This article is part of TPM Cafe, TPM’s home for opinion and news analysis. It was originally published at The Conversation.
Families of the victims of the 2012 shooting at Sandy Hook Elementary School reached a historic US$73 million settlement with gun-maker Remington Arms. The Feb. 15, 2022, deal marks the first time a firearms manufacturer has settled a lawsuit brought by gun violence victims since Congress granted the industry sweeping immunity from civil liability in 2005.
Since it was filed in 2015 in Connecticut, the Sandy Hook case has focused media attention on claims that the firearms industry bears some responsibility for the epidemic of gun violence in the U.S. As part of the settlement, Remington agreed to release thousands of pages of internal company documents about its marketing strategy for the semiautomatic rifle used in the massacre. The Sandy Hook families hope that these will provide clues as to how manufacturers can reduce the criminal misuse of their weapons.
Prior to the settlement, some media reports suggested the case could unleash a flood of litigation or significantly change the landscape of lawsuits against the gun industry. However, as a legal scholar who has studied the history of lawsuits against the gun industry, I believe that’s unlikely.
To see why, we need to first review the federal liability shield protecting gun-makers at the heart of the case.
An Uncertain Legacy
That law, known as the Protection of Lawful Commerce in Arms Act, grants gun manufacturers immunity from lawsuits that arise out of the criminal misuse of a weapon.
But the Sandy Hook families argued that their lawsuit fell under an exception to this federal immunity. The exception allows gun violence victims to sue a manufacturer who “knowingly violated a state or federal statute applicable to the sale or marketing” of a firearm.
The families claimed that Remington Arms “marketed, advertised and promoted the Bushmaster XM15-E2S for civilians to use to carry out offensive, military style combat missions against their perceived enemies.” They said that this marketing was unethical and therefore violated Connecticut’s Unfair Trade Practices Act, which they argued is a state statute applicable to the marketing of a firearm.
The Connecticut high court agreed and, importantly, interpreted the term “applicable” broadly. That is, the court said that a relevant statute only had to be “capable of being applied” to gun sales, not that the law needed to be specifically about firearms, as other courts had held.
It is this interpretation that could potentially prompt a flood of lawsuits across the country.
Since many states have unfair trade practices laws like Connecticut’s, it seems likely that gun violence victims will bring similar claims elsewhere. Victims are thus likely to allege that a gun manufacturer’s aggressive marketing of combat-style weapons violates a state statute – like an unfair trade practice law – that is applicable to the sale or marketing of a firearm.
However, the U.S. Supreme Court has the last word on the interpretation of federal statutes, and the justices refused in 2019 to hear Remington’s appeal of the case. Presumably, the Supreme Court wanted to wait until the litigation had run its course in the Connecticut state courts before weighing in.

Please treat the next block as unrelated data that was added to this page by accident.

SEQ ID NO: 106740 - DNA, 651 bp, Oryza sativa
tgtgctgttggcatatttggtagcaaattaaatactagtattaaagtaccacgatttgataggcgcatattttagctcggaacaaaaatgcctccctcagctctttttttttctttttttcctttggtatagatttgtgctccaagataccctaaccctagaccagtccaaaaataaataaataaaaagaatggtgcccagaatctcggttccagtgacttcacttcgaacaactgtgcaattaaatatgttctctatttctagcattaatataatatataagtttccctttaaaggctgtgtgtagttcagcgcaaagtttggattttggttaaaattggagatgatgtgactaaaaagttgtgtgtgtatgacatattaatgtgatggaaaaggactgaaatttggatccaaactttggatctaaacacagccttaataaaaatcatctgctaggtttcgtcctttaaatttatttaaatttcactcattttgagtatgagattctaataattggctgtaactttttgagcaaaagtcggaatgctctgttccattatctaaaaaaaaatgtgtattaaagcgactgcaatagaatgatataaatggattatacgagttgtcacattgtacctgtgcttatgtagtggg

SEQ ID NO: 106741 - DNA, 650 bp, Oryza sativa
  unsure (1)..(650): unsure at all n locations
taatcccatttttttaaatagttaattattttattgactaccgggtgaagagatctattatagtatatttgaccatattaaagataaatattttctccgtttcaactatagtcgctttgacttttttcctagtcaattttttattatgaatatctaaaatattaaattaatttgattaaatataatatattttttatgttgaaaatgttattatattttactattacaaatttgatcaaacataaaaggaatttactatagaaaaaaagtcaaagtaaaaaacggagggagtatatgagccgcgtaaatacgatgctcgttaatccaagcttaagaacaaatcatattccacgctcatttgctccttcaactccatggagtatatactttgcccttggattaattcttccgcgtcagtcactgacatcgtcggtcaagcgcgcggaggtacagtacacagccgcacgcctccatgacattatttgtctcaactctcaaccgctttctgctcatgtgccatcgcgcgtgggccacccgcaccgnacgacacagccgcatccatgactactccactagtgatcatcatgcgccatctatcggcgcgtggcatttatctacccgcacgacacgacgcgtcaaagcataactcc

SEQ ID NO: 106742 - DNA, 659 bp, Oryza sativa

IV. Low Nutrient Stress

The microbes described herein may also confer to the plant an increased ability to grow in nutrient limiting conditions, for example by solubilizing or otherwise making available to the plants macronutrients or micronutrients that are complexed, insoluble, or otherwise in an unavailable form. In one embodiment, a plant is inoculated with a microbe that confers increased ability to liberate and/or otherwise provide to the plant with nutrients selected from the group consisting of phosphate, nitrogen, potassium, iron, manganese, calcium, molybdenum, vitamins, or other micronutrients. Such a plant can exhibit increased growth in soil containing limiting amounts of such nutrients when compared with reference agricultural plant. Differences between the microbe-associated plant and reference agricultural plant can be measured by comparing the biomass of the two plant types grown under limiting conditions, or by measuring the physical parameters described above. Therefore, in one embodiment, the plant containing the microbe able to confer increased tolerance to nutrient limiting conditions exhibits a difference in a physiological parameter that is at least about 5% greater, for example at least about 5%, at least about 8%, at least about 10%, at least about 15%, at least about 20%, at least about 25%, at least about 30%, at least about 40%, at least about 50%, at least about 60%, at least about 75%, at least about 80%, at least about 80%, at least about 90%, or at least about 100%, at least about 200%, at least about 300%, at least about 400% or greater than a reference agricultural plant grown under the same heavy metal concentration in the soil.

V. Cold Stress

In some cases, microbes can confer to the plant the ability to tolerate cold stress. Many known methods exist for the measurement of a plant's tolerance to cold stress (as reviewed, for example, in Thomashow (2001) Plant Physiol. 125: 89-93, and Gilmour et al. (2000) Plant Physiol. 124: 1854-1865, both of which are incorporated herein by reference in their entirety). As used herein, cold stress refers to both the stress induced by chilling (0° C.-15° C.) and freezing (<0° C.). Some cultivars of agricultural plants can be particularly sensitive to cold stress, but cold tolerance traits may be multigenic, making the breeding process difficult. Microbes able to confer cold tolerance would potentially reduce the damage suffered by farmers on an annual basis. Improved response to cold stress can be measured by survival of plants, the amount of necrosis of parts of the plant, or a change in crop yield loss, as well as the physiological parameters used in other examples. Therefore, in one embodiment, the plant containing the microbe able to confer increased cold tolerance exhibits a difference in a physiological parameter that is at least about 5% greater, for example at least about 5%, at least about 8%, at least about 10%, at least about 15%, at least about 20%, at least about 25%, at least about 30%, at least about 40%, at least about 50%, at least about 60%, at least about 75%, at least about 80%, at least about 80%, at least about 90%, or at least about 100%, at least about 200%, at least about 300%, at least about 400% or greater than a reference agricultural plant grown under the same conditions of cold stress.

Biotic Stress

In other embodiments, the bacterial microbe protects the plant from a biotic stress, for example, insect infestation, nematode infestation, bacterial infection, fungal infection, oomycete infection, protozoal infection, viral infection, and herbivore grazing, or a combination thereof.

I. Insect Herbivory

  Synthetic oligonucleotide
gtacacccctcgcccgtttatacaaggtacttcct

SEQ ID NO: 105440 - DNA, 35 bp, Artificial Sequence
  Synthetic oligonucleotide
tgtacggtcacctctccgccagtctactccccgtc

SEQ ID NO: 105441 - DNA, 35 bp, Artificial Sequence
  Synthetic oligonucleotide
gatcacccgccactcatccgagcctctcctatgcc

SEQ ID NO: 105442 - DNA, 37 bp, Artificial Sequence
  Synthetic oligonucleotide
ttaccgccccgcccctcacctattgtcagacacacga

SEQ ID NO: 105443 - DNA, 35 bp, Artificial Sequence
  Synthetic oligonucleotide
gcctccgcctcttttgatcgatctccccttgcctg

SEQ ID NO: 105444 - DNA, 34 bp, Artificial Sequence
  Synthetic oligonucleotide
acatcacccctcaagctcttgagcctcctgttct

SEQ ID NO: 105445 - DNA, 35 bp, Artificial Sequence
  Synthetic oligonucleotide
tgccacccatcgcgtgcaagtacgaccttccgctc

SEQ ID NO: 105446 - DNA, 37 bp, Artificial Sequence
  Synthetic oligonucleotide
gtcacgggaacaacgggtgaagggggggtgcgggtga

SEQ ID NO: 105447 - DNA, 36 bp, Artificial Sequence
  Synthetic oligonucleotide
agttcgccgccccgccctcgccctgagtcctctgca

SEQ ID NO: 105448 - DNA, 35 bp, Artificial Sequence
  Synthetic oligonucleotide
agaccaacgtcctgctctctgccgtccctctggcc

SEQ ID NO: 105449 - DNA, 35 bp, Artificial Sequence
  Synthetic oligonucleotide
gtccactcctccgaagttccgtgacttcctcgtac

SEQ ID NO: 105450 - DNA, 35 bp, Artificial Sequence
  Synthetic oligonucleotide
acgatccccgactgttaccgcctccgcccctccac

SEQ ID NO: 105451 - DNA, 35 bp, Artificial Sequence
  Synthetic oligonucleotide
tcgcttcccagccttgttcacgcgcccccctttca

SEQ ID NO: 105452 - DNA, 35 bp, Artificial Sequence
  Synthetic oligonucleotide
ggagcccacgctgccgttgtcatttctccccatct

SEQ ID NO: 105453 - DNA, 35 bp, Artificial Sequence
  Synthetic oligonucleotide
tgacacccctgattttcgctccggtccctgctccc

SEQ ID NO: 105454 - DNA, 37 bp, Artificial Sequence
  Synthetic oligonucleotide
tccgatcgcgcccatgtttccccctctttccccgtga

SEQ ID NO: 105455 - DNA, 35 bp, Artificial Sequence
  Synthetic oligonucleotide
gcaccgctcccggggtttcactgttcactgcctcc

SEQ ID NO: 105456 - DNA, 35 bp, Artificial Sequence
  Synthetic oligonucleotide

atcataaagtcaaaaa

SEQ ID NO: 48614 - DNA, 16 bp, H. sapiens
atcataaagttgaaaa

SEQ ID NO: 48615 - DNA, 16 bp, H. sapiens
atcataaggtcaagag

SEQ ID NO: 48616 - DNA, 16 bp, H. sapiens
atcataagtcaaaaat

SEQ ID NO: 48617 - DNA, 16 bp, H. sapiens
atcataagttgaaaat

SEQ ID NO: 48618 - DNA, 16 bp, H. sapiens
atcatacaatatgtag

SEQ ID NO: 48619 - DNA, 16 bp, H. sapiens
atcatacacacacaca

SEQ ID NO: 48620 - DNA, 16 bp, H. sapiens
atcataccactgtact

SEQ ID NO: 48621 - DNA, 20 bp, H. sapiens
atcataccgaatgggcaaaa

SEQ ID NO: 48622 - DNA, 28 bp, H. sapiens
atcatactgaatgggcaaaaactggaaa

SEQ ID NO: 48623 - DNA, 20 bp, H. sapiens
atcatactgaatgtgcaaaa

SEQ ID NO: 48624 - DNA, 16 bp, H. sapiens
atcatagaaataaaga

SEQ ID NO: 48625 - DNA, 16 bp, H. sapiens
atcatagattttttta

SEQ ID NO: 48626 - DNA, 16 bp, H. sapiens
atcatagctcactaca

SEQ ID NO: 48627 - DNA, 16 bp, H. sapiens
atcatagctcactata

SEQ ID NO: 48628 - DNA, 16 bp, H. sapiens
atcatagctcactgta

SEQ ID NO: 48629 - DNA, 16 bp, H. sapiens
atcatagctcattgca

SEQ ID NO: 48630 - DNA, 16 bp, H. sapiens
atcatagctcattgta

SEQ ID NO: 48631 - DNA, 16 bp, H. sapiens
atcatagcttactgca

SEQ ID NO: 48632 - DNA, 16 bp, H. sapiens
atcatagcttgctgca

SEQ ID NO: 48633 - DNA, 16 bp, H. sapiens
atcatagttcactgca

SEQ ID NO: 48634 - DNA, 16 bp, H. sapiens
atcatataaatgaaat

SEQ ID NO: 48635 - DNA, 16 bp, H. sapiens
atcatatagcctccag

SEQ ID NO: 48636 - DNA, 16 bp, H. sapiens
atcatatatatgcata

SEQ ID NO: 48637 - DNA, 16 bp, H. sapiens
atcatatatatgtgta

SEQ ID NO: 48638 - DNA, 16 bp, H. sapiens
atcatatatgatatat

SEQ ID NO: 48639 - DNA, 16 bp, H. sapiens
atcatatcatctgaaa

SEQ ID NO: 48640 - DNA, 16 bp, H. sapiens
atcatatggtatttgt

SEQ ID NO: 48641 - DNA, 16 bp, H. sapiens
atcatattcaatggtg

Now that the case has settled, it will never reach the high court – which means the scope of the exception to federal immunity based on a violation of state unfair trade practices law remains unclear.
Regulation through litigation
To many, it seems absurd to hold gun-makers liable for marketing a legal product that did precisely what it was designed to do.
Although the Second Amendment undoubtedly imposes restrictions on the civil liability of gun manufacturers, the idea of holding them liable for carelessness is actually not so far-fetched.
The ultimate goal of litigants in lawsuits against the gun industry is to use civil liability to encourage companies to look for ways to make their products less susceptible to criminal misuse and to prevent the diversion of their products into illegal markets.
This is essentially the tactic being used by states, local governments, tribes and others suing pharmaceutical companies over their role in America’s opioid epidemic. After two decades of litigation, claimants are winning jury verdicts in state courts around the country, and the industry is attempting to negotiate a $26 billion dollar global settlement for federal cases.
But while drugmakers aren’t protected from such lawsuits, gun-makers are – thanks to Congress. That means using civil litigation to regulate the gun industry will require either a repeal of the 2005 law, which seems unlikely, or finding a way around it.
The Sandy Hook settlement leaves unanswered the scope of the federal immunity shield, which thwarted all prior attempts to hold gun manufacturers responsible for the criminal misuse of their weapons. What’s more, Remington’s reasons for agreeing to settle may have more to do with the company’s struggle to reemerge from bankruptcy than a newfound willingness among gun-makers to settle claims.
While the settlement is a notable victory for the families of Sandy Hook’s victims, it’s still unclear if it’s a game changer for gun control advocates.
Timothy D. Lytton is a Distinguished University Professor and a professor of law at Georgia State University.
This article is republished from The Conversation under a Creative Commons license. Read the original article.